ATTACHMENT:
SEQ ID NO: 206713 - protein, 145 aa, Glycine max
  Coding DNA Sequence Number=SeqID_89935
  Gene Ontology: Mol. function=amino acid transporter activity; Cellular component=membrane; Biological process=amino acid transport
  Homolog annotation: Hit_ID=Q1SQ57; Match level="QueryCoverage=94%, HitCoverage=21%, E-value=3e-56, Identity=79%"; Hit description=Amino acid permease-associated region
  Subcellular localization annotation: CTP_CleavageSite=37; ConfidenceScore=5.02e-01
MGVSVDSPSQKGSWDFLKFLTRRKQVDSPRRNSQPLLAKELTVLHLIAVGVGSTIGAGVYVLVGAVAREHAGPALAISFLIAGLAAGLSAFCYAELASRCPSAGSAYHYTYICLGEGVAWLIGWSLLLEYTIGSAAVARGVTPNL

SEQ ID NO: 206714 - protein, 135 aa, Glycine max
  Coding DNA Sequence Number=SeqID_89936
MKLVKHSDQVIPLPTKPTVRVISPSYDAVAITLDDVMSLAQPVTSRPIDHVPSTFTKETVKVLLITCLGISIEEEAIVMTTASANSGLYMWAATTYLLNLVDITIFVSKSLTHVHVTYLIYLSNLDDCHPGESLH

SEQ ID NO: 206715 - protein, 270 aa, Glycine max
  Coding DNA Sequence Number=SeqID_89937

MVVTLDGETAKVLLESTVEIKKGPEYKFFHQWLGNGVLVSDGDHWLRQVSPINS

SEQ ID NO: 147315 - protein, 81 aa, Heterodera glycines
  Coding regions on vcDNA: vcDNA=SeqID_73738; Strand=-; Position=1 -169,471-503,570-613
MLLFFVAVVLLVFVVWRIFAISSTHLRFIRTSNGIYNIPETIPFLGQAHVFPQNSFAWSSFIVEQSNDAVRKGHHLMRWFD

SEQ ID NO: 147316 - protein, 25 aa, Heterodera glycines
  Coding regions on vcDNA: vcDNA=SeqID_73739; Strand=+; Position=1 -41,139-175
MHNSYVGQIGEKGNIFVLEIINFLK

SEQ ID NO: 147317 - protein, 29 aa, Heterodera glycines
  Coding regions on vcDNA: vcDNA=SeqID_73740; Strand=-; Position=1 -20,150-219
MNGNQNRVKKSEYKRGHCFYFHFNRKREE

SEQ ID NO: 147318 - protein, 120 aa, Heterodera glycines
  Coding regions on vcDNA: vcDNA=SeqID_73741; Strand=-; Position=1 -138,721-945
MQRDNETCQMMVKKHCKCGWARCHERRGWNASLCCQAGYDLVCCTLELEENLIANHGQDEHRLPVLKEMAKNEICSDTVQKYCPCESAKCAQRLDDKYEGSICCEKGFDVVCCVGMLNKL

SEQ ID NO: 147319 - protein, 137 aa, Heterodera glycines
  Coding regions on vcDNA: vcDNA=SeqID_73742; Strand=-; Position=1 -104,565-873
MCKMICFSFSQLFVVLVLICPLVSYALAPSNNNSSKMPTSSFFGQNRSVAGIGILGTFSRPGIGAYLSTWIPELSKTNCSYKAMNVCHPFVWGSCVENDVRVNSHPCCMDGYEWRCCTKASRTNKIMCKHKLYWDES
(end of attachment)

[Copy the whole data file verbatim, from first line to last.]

SEQ ID NO: 206713 - protein, 145 aa, Glycine max
  Coding DNA Sequence Number=SeqID_89935
  Gene Ontology: Mol. function=amino acid transporter activity; Cellular component=membrane; Biological process=amino acid transport
  Homolog annotation: Hit_ID=Q1SQ57; Match level="QueryCoverage=94%, HitCoverage=21%, E-value=3e-56, Identity=79%"; Hit description=Amino acid permease-associated region
  Subcellular localization annotation: CTP_CleavageSite=37; ConfidenceScore=5.02e-01
MGVSVDSPSQKGSWDFLKFLTRRKQVDSPRRNSQPLLAKELTVLHLIAVGVGSTIGAGVYVLVGAVAREHAGPALAISFLIAGLAAGLSAFCYAELASRCPSAGSAYHYTYICLGEGVAWLIGWSLLLEYTIGSAAVARGVTPNL

SEQ ID NO: 206714 - protein, 135 aa, Glycine max
  Coding DNA Sequence Number=SeqID_89936
MKLVKHSDQVIPLPTKPTVRVISPSYDAVAITLDDVMSLAQPVTSRPIDHVPSTFTKETVKVLLITCLGISIEEEAIVMTTASANSGLYMWAATTYLLNLVDITIFVSKSLTHVHVTYLIYLSNLDDCHPGESLH

SEQ ID NO: 206715 - protein, 270 aa, Glycine max
  Coding DNA Sequence Number=SeqID_89937

MVVTLDGETAKVLLESTVEIKKGPEYKFFHQWLGNGVLVSDGDHWLRQVSPINS

SEQ ID NO: 147315 - protein, 81 aa, Heterodera glycines
  Coding regions on vcDNA: vcDNA=SeqID_73738; Strand=-; Position=1 -169,471-503,570-613
MLLFFVAVVLLVFVVWRIFAISSTHLRFIRTSNGIYNIPETIPFLGQAHVFPQNSFAWSSFIVEQSNDAVRKGHHLMRWFD

SEQ ID NO: 147316 - protein, 25 aa, Heterodera glycines
  Coding regions on vcDNA: vcDNA=SeqID_73739; Strand=+; Position=1 -41,139-175
MHNSYVGQIGEKGNIFVLEIINFLK

SEQ ID NO: 147317 - protein, 29 aa, Heterodera glycines
  Coding regions on vcDNA: vcDNA=SeqID_73740; Strand=-; Position=1 -20,150-219
MNGNQNRVKKSEYKRGHCFYFHFNRKREE

SEQ ID NO: 147318 - protein, 120 aa, Heterodera glycines
  Coding regions on vcDNA: vcDNA=SeqID_73741; Strand=-; Position=1 -138,721-945
MQRDNETCQMMVKKHCKCGWARCHERRGWNASLCCQAGYDLVCCTLELEENLIANHGQDEHRLPVLKEMAKNEICSDTVQKYCPCESAKCAQRLDDKYEGSICCEKGFDVVCCVGMLNKL

SEQ ID NO: 147319 - protein, 137 aa, Heterodera glycines
  Coding regions on vcDNA: vcDNA=SeqID_73742; Strand=-; Position=1 -104,565-873
MCKMICFSFSQLFVVLVLICPLVSYALAPSNNNSSKMPTSSFFGQNRSVAGIGILGTFSRPGIGAYLSTWIPELSKTNCSYKAMNVCHPFVWGSCVENDVRVNSHPCCMDGYEWRCCTKASRTNKIMCKHKLYWDES